Attorneys for William Porter present evidence of Freddie Gray's prior back issues

On Monday, the subject of whether or not Freddie Gray may have had a pre-existing back problem was brought up repeatedly by defense lawyers for Officer William Porter. By the end of the day, it became clear they were sitting on evidence to that effect which had not previously been made public, according to WBAL radio and other news sources.

After dismissing the jury for the day, Judge Barry Williams held a bench conference to discuss the entry into evidence of statements from an earlier case involving Gray in which he complained to police about back issues, the reports said.

Rumors that Gray had back problems and even previous surgeries circulated over the summer, but this is the first time anything concrete on the matter has come to light.

Reports indicate that lawyers for Porter accused prosecutors of withholding exculpatory evidence, but Chief Deputy State's Attorney Michael Schatzow indicated the prosecution had only learned that day of the statements from the previous case. The judge did not sanction prosecutors, and the trial is expected to proceed as planned on Tuesday.

The late-day revelation was the bookend to an eventful day in court that began with the replacement by an alternate of a juror who had a medical emergency.

Assistant medical examiner Dr. Carol Allan fended off a variety of explicit and implied criticisms of her work in the Gray case from defense attorney Joseph Murtha, including a suggestion that she may have rushed the report to help State's Attorney Marilyn Mosby make a quick announcement of charges.

There were also repeated questions from Murtha concerning whether the prosecution, in discussing the case with Allan, had told her about an unspecified back injury. Allan said that the prosecution had not informed her of any prior injury, but that "the question had been raised" in her discussions with them. She said that if there was previous injury to Gray's neck that it would be an "important" consideration.

On re-direct by prosecutors, Allan said that if there had been an injury to Gray's spine anywhere below his neck, she would have found evidence of it during her autopsy. She also said that surgical work by Shock Trauma on the vertebrae in Gray's neck made it impossible for her to say whether he had had a previous injury in that area.

Allan's testimony was interrupted at midday to introduce Dr. Marc Soriano, an Illinois neurosurgeon and expert witness who told the court that, based on medical records including CAT and MRI scans, it appeared that Gray's injury was comparable to what might be seen in a motorcycle crash or a car accident in which a passenger is launched through a windshield.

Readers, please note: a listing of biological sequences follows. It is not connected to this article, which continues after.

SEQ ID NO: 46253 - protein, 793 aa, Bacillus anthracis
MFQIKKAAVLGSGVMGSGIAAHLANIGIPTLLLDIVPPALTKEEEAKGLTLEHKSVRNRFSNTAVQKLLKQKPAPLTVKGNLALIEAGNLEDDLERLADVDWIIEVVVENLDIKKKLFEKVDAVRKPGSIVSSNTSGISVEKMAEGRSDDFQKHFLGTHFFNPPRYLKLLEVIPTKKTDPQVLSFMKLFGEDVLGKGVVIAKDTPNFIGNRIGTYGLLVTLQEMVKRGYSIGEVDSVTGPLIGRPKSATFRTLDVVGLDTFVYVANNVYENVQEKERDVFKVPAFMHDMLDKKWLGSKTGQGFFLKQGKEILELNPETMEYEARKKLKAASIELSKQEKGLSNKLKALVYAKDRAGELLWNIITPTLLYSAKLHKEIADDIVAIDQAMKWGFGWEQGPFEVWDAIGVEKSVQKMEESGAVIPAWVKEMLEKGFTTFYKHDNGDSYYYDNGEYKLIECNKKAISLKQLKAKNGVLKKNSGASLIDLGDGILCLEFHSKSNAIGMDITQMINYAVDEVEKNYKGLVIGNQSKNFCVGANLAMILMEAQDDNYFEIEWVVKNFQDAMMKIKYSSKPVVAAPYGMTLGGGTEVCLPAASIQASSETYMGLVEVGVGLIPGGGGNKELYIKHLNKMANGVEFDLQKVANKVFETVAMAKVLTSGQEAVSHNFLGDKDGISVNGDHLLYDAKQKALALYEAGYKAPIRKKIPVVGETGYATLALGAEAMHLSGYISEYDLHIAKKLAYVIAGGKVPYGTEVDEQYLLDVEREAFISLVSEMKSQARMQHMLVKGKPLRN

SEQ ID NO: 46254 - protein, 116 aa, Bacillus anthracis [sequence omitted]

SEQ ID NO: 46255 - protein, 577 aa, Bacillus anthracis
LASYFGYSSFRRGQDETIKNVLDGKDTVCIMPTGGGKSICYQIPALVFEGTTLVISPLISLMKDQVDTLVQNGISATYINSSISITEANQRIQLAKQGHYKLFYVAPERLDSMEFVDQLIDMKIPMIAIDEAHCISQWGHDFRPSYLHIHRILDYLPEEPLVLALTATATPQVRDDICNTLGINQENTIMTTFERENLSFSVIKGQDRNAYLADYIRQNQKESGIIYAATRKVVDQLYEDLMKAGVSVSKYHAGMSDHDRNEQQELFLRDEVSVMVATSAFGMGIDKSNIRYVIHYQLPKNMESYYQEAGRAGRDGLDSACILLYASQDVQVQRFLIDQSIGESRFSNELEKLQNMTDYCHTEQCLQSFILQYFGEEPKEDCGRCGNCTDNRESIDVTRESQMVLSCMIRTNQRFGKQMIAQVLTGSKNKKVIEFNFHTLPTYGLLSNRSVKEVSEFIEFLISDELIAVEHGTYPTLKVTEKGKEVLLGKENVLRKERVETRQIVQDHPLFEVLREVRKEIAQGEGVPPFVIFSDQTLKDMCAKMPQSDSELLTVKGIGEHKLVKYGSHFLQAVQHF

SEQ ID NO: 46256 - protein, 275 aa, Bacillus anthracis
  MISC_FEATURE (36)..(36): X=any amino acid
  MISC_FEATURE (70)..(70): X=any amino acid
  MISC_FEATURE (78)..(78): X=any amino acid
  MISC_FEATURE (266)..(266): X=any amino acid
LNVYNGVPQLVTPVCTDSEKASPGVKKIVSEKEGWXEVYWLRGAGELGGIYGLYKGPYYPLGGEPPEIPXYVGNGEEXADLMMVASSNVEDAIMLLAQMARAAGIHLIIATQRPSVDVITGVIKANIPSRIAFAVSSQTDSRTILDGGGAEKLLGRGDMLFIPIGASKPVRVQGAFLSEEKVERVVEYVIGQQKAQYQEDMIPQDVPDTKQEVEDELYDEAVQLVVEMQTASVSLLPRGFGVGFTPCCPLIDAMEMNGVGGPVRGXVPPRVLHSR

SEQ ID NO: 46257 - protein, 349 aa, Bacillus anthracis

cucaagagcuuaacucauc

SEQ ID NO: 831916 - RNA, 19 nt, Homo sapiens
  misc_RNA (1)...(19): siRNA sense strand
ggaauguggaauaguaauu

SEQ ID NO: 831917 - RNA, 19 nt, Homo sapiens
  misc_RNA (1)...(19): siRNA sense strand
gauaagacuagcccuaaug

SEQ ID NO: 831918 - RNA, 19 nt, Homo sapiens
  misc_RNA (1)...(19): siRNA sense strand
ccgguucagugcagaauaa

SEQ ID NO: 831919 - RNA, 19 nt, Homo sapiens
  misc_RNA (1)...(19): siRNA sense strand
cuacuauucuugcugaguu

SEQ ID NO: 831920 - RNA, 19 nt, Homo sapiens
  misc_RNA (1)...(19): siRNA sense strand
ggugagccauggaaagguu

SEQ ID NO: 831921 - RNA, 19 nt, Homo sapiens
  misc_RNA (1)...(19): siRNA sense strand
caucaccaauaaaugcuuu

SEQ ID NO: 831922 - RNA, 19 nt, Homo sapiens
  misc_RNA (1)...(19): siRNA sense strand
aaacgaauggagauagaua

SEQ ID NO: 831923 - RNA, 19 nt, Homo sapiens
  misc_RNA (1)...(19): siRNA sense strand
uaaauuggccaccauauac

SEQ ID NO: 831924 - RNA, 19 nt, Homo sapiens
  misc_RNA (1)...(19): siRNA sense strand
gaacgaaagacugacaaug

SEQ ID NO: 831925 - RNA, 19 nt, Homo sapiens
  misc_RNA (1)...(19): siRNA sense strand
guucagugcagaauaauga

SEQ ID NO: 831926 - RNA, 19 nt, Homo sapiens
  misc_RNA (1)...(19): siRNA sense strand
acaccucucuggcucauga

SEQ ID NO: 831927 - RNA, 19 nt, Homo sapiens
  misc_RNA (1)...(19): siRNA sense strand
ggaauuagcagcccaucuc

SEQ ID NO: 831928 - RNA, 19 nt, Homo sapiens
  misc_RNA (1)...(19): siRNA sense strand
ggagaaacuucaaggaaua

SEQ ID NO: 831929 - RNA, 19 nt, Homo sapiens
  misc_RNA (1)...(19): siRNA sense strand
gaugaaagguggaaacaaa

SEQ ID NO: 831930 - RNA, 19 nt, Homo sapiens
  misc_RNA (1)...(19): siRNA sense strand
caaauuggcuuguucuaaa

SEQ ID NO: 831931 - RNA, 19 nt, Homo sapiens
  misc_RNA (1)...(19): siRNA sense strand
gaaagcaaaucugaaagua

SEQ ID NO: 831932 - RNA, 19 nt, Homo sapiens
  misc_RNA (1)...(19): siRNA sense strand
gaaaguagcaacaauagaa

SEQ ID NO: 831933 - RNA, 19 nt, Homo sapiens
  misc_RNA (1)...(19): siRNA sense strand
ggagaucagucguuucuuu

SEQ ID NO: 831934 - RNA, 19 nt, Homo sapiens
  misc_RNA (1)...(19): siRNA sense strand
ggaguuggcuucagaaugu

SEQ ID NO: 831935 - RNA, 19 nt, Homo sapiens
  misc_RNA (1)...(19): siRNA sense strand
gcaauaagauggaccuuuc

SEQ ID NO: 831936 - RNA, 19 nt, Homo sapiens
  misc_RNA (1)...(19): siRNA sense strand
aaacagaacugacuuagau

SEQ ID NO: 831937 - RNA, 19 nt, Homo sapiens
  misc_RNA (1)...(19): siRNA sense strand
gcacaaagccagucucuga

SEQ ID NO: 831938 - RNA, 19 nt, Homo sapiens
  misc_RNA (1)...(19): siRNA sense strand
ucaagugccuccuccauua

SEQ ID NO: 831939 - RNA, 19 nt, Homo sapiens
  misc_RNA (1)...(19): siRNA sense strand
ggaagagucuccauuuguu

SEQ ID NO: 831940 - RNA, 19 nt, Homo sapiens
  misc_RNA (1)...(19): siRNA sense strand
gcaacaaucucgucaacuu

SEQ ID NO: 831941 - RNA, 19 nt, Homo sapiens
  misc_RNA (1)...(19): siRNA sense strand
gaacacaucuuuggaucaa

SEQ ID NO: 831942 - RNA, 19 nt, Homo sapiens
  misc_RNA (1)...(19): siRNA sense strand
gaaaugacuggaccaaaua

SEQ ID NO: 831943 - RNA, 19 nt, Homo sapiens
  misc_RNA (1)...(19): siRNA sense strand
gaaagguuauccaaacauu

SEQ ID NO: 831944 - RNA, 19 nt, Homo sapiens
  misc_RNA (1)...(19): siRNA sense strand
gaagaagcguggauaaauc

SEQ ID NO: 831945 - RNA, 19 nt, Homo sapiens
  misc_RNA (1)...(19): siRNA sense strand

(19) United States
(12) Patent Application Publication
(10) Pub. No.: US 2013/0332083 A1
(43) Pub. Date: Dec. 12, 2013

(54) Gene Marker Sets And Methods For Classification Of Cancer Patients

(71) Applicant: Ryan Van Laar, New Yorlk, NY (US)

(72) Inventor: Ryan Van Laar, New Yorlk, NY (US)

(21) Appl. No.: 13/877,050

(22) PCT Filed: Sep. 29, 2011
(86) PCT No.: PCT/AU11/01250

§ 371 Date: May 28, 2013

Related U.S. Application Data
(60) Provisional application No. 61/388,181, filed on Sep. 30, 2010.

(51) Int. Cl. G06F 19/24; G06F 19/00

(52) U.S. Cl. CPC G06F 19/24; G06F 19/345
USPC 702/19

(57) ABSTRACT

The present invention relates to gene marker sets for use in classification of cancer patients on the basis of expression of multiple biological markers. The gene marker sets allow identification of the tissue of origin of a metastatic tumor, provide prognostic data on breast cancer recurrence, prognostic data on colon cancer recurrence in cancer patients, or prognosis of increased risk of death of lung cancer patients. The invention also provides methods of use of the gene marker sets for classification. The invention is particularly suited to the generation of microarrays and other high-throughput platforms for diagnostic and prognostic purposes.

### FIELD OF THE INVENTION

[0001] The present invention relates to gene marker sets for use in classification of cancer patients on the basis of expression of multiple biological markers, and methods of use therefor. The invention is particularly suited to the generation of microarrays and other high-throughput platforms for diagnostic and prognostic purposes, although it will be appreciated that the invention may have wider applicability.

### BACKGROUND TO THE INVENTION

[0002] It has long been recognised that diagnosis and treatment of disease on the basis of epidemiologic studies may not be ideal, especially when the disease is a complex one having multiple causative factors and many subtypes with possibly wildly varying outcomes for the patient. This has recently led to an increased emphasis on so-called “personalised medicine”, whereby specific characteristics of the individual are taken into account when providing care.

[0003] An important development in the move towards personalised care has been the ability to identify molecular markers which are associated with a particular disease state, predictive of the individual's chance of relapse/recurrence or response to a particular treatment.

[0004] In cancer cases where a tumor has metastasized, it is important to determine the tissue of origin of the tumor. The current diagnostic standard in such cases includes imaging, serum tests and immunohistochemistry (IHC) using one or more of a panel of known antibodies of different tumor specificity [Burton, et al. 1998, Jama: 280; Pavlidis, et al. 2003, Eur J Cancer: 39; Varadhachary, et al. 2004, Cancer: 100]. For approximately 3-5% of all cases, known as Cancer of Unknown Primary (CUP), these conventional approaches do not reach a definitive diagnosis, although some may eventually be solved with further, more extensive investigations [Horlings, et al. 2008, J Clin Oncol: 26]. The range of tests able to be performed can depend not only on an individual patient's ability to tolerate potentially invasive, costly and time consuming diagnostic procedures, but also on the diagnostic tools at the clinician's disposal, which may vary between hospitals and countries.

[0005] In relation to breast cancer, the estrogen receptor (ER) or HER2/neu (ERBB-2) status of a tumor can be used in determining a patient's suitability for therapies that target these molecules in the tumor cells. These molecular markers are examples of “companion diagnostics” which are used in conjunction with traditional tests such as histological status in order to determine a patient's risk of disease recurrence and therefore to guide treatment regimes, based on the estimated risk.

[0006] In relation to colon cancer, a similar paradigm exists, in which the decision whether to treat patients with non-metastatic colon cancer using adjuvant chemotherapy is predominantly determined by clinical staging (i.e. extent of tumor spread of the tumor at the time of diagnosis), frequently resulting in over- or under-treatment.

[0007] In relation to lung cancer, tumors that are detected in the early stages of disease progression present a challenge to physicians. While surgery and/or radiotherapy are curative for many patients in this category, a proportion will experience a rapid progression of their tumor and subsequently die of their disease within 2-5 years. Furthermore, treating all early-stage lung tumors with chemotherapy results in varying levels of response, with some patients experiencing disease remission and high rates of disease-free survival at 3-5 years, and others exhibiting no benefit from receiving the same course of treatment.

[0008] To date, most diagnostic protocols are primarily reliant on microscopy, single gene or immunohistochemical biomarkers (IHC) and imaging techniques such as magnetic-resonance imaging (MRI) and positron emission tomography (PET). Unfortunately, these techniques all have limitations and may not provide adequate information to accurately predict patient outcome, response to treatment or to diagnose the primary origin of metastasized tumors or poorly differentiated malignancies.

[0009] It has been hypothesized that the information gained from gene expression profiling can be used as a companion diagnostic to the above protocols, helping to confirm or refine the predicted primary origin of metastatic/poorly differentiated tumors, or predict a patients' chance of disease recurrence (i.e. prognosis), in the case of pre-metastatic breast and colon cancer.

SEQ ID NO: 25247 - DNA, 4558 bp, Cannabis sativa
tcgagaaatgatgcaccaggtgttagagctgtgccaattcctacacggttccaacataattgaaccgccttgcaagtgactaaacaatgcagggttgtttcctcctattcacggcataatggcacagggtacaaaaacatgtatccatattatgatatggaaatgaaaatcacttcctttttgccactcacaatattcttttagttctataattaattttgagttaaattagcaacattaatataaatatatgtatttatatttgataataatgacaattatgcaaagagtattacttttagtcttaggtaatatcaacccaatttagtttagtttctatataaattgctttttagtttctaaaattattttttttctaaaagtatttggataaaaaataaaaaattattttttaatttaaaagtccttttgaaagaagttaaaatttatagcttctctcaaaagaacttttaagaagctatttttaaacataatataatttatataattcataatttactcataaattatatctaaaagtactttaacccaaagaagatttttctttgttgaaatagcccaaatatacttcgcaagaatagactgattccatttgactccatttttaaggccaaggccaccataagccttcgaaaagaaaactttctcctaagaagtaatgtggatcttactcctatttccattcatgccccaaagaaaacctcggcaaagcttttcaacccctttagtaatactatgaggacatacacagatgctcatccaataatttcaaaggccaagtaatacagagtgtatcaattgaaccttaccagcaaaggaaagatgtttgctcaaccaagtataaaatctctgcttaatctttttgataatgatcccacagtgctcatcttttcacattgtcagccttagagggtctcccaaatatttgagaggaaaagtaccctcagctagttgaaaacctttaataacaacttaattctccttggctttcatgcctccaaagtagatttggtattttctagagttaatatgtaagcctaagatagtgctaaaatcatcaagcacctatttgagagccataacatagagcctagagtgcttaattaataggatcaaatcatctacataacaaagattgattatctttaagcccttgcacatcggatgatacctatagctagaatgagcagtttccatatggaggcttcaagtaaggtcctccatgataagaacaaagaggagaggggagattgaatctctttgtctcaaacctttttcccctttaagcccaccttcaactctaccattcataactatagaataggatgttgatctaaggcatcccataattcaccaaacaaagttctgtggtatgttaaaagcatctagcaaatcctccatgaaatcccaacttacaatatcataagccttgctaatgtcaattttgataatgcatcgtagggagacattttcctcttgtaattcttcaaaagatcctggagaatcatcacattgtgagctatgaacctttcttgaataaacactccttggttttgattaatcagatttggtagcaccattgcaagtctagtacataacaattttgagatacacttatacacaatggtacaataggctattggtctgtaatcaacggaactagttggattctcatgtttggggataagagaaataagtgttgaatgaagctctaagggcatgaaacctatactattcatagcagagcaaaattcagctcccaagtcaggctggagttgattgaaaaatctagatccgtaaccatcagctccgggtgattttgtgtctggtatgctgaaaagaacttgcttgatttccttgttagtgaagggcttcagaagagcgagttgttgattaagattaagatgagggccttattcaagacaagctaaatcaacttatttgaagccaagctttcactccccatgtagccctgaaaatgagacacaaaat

Soriano dismissed the notion that Gray's injuries could have been self-inflicted by beating his head against the van's walls, saying they were too severe and noting that every muscle and ligament in Gray's neck had been severed along with one of two major arteries feeding blood to his brain.

Asked by Murtha whether Gray's apparent difficulty breathing could have merely been breathlessness as a result of having fled from police, Soriano curtly replied, "That's a bit of a stretch, counselor."

As his testimony drew to a close, Soriano asserted that although Gray's injury was so severe that lasting consequences including possible paraplegia were almost certain, his life might have been saved if he had been given immediate medical attention rather than spending almost another half-hour in the police van.

"Somewhere in that 24 minutes, we lost Mr. Gray," Soriano said.

After re-taking the stand, Allan faced renewed questions as to how she had established her timeline for Gray's injury, which she said happened between the second and fourth of five total stops the van made after Gray was loaded into it. According to Allan, it was Gray's own words and actions, as reported by Porter and others, that had provided the evidence. Witnesses said that Gray had ceased rocking the van and protesting after the second stop, Allan testified.

The day's testimony was closed out with some vivid images of Gray's condition when he finally arrived at Western District headquarters, provided by one of the two paramedics who treated him there.

Angelique Herbert, a 17-year veteran of the Baltimore City Fire Department, said that after being dispatched to the Western for a reported "arm injury," she found Porter and another officer cradling Gray's head in the back of the van, a trickle of dark blood leaking from the young man's nose, spit around his mouth.

"His head was to the side, his eyes were open. He was looking straight out, but he wasn't moving," Herbert said.

Herbert said she wasn't prepared to find a man in police custody who had no pulse and wasn't breathing.

"I think I yelled some obscenities, 'What the hell,' something like that," she told the court.

Herbert said she and the ambulance driver spent 20 minutes in the Western District parking lot applying various treatments before driving him the five minutes to Shock Trauma. Those treatments ran the gamut from doses of Narcan to counteract a possible overdose, epinephrine to treat heart failure, and sodium bicarbonate to counteract the effects of a lack of oxygen in his system.

Porter, 26, has pleaded not guilty to charges of manslaughter, second-degree assault, misconduct in office, and reckless endangerment in connection with the death of Gray, who suffered a fatal spinal cord injury after being taken into police custody in West Baltimore on April 12 and died a week later. Five other officers have pleaded not guilty to similar charges in connection with Gray's death, which sparked weeks of protests, and a night of rioting following his funeral on April 27.

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